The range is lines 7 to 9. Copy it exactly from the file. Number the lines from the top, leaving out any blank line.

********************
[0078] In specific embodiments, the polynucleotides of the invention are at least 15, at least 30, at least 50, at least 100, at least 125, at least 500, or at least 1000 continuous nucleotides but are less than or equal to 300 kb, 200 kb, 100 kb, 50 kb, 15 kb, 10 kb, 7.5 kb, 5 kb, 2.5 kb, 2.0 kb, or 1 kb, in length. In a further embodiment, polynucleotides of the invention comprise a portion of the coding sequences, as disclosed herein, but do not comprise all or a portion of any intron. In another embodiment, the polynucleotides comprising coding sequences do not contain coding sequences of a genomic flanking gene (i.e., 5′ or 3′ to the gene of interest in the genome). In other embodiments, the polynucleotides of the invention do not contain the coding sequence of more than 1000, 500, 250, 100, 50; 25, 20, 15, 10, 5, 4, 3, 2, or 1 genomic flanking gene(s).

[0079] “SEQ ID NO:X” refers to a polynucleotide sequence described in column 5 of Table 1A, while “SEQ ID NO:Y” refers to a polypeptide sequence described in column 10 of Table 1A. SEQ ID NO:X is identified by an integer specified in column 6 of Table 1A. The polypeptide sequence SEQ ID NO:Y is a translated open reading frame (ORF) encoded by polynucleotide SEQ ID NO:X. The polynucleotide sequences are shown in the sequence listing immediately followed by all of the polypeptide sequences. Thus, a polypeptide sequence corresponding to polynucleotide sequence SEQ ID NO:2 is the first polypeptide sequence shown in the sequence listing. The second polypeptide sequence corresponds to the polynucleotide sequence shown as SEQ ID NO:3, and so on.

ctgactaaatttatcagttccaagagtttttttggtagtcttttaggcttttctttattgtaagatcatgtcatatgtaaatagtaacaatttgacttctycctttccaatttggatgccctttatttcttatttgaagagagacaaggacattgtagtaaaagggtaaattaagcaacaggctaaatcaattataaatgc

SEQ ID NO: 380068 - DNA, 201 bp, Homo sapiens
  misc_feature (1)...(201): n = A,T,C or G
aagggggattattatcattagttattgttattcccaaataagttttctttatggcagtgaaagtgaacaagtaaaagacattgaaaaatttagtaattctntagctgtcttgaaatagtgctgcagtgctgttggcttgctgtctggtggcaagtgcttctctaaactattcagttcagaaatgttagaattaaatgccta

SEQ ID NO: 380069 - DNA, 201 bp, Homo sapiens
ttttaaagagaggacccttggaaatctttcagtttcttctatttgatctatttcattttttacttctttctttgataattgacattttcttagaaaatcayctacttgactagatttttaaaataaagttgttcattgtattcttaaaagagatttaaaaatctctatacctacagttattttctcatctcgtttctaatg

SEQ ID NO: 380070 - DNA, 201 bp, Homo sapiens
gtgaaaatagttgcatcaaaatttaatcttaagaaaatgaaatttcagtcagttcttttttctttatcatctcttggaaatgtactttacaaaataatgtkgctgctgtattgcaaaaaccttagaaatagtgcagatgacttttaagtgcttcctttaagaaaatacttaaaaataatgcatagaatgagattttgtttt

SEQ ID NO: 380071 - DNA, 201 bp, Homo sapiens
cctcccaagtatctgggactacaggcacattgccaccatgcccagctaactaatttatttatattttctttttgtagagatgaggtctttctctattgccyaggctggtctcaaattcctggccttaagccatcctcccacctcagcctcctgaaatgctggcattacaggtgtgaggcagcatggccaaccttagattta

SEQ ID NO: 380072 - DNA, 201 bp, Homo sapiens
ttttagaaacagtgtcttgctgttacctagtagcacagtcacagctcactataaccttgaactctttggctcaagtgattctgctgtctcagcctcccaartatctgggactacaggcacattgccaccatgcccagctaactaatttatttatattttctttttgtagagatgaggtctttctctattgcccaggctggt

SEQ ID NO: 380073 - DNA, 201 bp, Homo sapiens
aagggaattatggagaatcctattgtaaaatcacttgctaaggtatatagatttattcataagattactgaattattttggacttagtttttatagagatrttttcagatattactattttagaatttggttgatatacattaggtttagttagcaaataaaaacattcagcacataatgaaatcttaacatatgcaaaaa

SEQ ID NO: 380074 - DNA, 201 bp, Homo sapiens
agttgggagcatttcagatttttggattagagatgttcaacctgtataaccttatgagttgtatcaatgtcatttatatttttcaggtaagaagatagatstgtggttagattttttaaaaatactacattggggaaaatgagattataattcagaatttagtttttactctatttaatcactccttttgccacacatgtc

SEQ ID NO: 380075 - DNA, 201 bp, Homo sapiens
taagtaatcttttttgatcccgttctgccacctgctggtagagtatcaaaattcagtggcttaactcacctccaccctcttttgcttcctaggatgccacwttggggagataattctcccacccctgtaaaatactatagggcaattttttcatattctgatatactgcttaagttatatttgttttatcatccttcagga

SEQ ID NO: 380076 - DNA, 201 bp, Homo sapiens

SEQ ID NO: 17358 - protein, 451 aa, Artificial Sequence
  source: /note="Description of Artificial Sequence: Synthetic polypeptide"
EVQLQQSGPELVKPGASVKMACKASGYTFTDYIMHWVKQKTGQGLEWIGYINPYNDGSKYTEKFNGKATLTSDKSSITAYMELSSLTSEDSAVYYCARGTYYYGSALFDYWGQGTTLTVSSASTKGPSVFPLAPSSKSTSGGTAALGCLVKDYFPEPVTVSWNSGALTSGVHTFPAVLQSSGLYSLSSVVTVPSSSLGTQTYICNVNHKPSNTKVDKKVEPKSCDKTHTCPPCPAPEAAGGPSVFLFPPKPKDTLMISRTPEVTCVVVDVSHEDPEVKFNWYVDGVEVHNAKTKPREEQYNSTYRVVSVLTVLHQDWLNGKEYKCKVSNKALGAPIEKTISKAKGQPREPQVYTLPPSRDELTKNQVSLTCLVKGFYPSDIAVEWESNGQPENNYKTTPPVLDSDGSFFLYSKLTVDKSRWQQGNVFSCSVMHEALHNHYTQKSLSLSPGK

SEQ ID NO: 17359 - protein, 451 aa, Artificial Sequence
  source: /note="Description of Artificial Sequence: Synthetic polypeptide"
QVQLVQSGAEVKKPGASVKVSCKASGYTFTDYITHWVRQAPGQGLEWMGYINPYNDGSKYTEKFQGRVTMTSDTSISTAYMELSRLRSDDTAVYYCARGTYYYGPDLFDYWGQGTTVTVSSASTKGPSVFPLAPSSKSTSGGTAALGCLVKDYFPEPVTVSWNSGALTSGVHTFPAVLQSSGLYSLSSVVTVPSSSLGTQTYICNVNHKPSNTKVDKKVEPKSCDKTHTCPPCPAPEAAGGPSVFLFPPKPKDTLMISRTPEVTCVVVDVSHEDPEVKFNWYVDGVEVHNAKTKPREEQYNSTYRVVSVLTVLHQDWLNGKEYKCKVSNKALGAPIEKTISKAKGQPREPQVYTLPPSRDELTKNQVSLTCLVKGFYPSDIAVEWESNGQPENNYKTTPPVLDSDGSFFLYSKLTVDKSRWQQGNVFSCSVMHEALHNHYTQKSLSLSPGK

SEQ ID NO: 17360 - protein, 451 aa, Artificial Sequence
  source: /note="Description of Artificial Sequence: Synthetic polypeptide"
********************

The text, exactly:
SEQ ID NO: 380069 - DNA, 201 bp, Homo sapiens
ttttaaagagaggacccttggaaatctttcagtttcttctatttgatctatttcattttttacttctttctttgataattgacattttcttagaaaatcayctacttgactagatttttaaaataaagttgttcattgtattcttaaaagagatttaaaaatctctatacctacagttattttctcatctcgtttctaatg

SEQ ID NO: 380070 - DNA, 201 bp, Homo sapiens